• Search, Seizure, and Arrest Issues

Why is possession of certain drugs made a crime?

Prohibition sign
Politicians who support Prohibition are supporting organized crime

Until the 20th Century, possession of drugs was not a crime.  The “common law crimes” were things like murder, assault, rape, theft.

Why are certain drugs criminalized, while others are not?  The difference cannot be the potential for harm to the user, can it?  After all, drink too much alcohol and you will die of overdose.  But it is physically impossible for a human being to fatally overdose from marijuana.  There simply is no toxic dose or overdose possibility.

If a person is harming self with drug abuse, there are existing civil commitment laws which can be used to force the person to get medical help to treat it.  See, Minnesota Statutes Chapter 253B.  But many today who volunteer for chemical dependency  treatment cannot get it because funding is lacking. (For example, where they seek funding for an inpatient chemical dependency treatment program within two years of a previous one.)

Why then, we ask, is there full-funding for prisons – prisons brimming with non-violent drug offenders?

The experiments in drug Prohibition – first with alcohol, then with marijuana – have utterly and completely failed, over and over and over again.  The purported goal of Prohibitionists was to reduce or eliminate the usage of those drugs, yet the opposite has occurred.  Prohibition laws have resulted in higher usage rates, during the period of criminal Prohibition — both for alcohol and for marijuana, in the United States and in other countries.

Demand has exponentially increased since the beginning of the criminal Prohibition.  And how is that demand met?  It’s met in the underground, illegal economy – with immense amounts of money flowing through.

How is security provided for that money, in that underground illegal economy?  Not by the police, of course.  Street crime gangs and other self-help security tactics and strategies had to be developed to protect that money, paid for by that money.  A large proportion of violent crime, including with guns, is caused by the drug Prohibition laws.  Take away the laws criminalizing drugs, the violent crime rate drops.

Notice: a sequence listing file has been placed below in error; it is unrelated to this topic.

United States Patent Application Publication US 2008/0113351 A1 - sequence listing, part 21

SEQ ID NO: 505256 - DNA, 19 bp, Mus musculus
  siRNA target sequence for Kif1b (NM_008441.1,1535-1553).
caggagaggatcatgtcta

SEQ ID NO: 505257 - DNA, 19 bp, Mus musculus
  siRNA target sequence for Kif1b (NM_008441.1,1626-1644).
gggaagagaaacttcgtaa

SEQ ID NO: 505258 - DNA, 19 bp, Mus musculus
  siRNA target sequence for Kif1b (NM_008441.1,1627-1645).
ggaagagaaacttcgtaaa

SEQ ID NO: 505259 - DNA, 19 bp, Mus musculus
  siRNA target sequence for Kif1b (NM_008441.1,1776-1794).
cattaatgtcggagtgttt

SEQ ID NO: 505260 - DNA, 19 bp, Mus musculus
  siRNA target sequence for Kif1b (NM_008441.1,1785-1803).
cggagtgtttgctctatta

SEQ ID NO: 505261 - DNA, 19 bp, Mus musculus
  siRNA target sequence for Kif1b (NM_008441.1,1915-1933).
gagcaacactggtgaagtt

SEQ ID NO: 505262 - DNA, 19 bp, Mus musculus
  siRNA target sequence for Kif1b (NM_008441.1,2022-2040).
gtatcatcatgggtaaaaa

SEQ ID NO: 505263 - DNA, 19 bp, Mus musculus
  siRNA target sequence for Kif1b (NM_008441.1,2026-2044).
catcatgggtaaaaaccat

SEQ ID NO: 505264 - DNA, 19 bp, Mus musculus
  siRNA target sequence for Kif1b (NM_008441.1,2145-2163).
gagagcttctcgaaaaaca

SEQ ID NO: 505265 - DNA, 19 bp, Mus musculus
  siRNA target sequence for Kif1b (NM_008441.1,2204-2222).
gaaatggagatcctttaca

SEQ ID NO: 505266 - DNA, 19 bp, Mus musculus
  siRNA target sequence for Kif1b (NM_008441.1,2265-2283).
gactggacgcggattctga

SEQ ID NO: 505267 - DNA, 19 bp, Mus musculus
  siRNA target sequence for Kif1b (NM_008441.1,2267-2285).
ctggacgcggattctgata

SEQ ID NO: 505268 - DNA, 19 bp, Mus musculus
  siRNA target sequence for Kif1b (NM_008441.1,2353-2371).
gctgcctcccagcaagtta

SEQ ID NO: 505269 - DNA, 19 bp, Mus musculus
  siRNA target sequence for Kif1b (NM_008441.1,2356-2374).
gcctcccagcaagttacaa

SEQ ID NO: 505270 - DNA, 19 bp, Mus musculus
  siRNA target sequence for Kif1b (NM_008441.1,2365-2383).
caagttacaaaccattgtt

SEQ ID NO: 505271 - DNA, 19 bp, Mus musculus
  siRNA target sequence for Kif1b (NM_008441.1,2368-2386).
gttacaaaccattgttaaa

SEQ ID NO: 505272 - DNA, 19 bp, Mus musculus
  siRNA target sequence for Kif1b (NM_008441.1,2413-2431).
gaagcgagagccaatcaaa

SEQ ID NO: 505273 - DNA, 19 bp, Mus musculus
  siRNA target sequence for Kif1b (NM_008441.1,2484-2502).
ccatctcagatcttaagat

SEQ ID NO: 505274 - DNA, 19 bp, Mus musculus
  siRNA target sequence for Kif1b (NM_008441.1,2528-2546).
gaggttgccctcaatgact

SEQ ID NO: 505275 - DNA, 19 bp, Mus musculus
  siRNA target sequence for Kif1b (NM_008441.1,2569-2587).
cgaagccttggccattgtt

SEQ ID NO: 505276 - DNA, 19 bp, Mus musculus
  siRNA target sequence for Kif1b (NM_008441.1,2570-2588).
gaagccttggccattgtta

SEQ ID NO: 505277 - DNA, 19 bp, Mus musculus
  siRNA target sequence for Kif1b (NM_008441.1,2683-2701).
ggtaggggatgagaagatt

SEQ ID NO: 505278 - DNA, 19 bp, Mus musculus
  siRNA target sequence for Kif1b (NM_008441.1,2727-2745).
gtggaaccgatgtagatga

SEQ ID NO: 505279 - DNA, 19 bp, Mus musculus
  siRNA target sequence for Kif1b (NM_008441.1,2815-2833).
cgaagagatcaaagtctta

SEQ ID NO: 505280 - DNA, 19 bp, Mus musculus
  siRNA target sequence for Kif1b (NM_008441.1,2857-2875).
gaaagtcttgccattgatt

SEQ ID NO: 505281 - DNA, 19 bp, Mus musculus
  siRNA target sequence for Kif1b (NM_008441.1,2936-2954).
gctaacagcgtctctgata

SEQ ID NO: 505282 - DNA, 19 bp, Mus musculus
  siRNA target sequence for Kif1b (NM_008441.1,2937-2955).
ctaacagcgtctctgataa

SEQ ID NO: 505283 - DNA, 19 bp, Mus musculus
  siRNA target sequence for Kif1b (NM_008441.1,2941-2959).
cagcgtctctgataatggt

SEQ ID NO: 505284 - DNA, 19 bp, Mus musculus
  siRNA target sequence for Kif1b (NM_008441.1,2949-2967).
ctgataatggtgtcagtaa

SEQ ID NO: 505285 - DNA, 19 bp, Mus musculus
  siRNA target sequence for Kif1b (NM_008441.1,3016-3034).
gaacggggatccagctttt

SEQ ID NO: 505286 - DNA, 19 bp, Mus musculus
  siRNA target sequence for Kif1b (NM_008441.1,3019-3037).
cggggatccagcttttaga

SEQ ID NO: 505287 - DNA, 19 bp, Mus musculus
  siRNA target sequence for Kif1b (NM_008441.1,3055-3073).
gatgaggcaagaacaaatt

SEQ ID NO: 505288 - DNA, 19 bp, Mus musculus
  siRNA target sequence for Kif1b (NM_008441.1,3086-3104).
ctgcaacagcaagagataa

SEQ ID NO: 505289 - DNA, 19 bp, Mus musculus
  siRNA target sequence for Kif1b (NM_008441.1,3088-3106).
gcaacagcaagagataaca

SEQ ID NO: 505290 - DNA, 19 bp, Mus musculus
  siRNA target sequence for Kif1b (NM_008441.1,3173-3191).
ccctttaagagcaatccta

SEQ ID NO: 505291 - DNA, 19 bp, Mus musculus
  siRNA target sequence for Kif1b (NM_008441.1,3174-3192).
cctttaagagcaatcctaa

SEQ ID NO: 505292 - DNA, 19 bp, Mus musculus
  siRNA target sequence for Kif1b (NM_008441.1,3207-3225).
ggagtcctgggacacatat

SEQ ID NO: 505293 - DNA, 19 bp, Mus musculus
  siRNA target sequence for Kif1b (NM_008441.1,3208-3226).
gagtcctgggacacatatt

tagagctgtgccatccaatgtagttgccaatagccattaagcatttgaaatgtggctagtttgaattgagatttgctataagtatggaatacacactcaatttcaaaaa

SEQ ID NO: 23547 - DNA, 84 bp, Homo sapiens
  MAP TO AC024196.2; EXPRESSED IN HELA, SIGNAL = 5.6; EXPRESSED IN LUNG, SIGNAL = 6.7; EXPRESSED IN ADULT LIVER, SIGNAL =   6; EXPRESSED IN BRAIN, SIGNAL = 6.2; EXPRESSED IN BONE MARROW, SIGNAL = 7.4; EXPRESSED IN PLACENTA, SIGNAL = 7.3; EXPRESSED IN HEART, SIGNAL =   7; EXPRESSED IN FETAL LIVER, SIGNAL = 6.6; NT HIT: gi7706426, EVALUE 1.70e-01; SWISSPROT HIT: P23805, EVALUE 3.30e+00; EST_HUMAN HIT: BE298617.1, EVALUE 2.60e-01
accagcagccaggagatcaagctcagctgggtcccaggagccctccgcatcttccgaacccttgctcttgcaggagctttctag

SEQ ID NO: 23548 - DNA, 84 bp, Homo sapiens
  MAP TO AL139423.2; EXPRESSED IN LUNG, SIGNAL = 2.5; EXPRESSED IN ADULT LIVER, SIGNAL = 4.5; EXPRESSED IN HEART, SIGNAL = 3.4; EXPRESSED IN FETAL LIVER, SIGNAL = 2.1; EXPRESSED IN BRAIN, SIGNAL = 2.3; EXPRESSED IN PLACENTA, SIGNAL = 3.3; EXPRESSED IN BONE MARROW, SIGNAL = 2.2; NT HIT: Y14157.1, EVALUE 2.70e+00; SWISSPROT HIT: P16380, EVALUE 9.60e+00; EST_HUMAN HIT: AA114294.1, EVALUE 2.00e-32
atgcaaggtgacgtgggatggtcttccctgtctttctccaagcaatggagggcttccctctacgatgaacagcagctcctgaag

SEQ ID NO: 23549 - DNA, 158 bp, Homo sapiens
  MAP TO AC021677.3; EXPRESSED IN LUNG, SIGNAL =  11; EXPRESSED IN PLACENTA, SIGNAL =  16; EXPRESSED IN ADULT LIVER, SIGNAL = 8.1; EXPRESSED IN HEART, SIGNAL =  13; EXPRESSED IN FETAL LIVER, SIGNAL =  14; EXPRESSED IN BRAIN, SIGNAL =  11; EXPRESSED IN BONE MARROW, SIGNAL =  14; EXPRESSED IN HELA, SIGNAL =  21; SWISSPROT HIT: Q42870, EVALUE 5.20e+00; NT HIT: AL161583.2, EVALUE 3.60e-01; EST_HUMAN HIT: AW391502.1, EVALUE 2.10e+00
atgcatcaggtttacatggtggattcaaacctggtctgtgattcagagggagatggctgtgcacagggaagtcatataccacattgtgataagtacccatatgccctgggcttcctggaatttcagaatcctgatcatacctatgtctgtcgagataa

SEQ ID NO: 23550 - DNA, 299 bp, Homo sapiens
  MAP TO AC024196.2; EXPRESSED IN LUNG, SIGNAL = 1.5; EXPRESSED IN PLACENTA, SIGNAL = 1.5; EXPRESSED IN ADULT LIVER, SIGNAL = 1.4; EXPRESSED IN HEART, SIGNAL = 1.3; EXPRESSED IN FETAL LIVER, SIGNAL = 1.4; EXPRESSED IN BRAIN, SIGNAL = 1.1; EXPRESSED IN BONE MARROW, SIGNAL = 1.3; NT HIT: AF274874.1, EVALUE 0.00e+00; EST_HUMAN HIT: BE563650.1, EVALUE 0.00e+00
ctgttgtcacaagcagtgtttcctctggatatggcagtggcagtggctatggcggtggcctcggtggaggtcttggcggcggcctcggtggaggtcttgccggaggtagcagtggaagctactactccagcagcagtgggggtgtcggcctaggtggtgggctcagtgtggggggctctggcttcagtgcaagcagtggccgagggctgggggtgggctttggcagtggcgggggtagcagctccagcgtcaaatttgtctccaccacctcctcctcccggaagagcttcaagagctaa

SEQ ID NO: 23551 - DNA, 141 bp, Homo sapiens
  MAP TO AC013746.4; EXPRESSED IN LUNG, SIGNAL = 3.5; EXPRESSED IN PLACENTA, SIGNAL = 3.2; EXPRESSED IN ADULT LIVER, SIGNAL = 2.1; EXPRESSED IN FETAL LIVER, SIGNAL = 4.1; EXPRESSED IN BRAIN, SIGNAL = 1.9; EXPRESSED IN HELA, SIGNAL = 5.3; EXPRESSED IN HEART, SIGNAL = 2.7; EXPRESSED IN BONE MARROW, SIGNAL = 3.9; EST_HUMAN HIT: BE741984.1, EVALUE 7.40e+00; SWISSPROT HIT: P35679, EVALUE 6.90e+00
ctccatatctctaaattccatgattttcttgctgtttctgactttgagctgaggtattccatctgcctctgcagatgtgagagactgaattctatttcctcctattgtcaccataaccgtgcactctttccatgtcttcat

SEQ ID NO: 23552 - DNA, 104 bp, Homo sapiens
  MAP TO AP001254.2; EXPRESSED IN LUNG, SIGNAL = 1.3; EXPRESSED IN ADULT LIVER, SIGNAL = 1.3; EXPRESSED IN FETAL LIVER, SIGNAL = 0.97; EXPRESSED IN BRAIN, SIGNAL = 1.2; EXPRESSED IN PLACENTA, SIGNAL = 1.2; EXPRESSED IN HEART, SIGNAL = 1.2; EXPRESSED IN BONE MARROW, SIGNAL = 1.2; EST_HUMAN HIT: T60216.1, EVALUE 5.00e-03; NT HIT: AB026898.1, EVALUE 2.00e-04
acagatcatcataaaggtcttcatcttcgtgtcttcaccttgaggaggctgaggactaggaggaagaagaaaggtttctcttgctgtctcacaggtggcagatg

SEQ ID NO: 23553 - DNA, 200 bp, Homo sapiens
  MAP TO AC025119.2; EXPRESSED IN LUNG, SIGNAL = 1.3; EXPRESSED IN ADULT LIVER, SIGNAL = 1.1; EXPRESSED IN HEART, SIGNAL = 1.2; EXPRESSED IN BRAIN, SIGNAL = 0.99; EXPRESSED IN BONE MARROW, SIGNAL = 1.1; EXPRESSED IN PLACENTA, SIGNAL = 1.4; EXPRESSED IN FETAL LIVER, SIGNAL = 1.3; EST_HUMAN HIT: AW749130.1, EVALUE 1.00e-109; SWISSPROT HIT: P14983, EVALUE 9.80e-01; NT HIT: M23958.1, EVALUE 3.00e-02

Would a better approach be to change the laws to focus on Public Health, harm reduction for drug abusers, and the destruction of the underground economy of illegal drugs?

“Prohibition is the trigger of crime.”  Ian Fleming, Goldfinger
“Prohibition is the trigger of crime.”

“Prohibition is the trigger of crime.”  Ian Fleming, Goldfinger

Some say, “yes, the criminal drug laws may not reduce the problem of drug abuse, but at least they send a message of disapproval.”  To that we say, “Which would you rather do, offer ineffective symbolism or actually help suffering people and reduce the usage rate?  Decriminalizing illegal drugs reduces (does not increase) the rate of use and abuse.  For example, in Holland where marijuana is decriminalized, the marijuana usage rate is half what it is in the United States.”

Why is the usage rate lower, where it is legal?
Here, at different times:  Look at the alcohol Prohibition in the U.S. – before, during and after.

Now, in different countries:  Look at the current marijuana prohibition in the United States vs. Holland (The Netherlands).  Or Portugal.

The evidence is consistent and clear:  When the substance (alcohol, marijuana, etc.) is “legal” (not treated as a crime), per capita usage rates are lower.  What explains this?

Economist Milton Friedman
“Most of the harm that comes from drugs is because they are illegal.” Milton Friedman

Nobel Prize winning, conservative economist Milton Friedman explains it:

I’m in favor of legalizing drugs. According to my value system, if people want to kill themselves, they have every right to do so. Most of the harm that comes from drugs is because they are illegal.”  Milton Friedman, Conservative Economist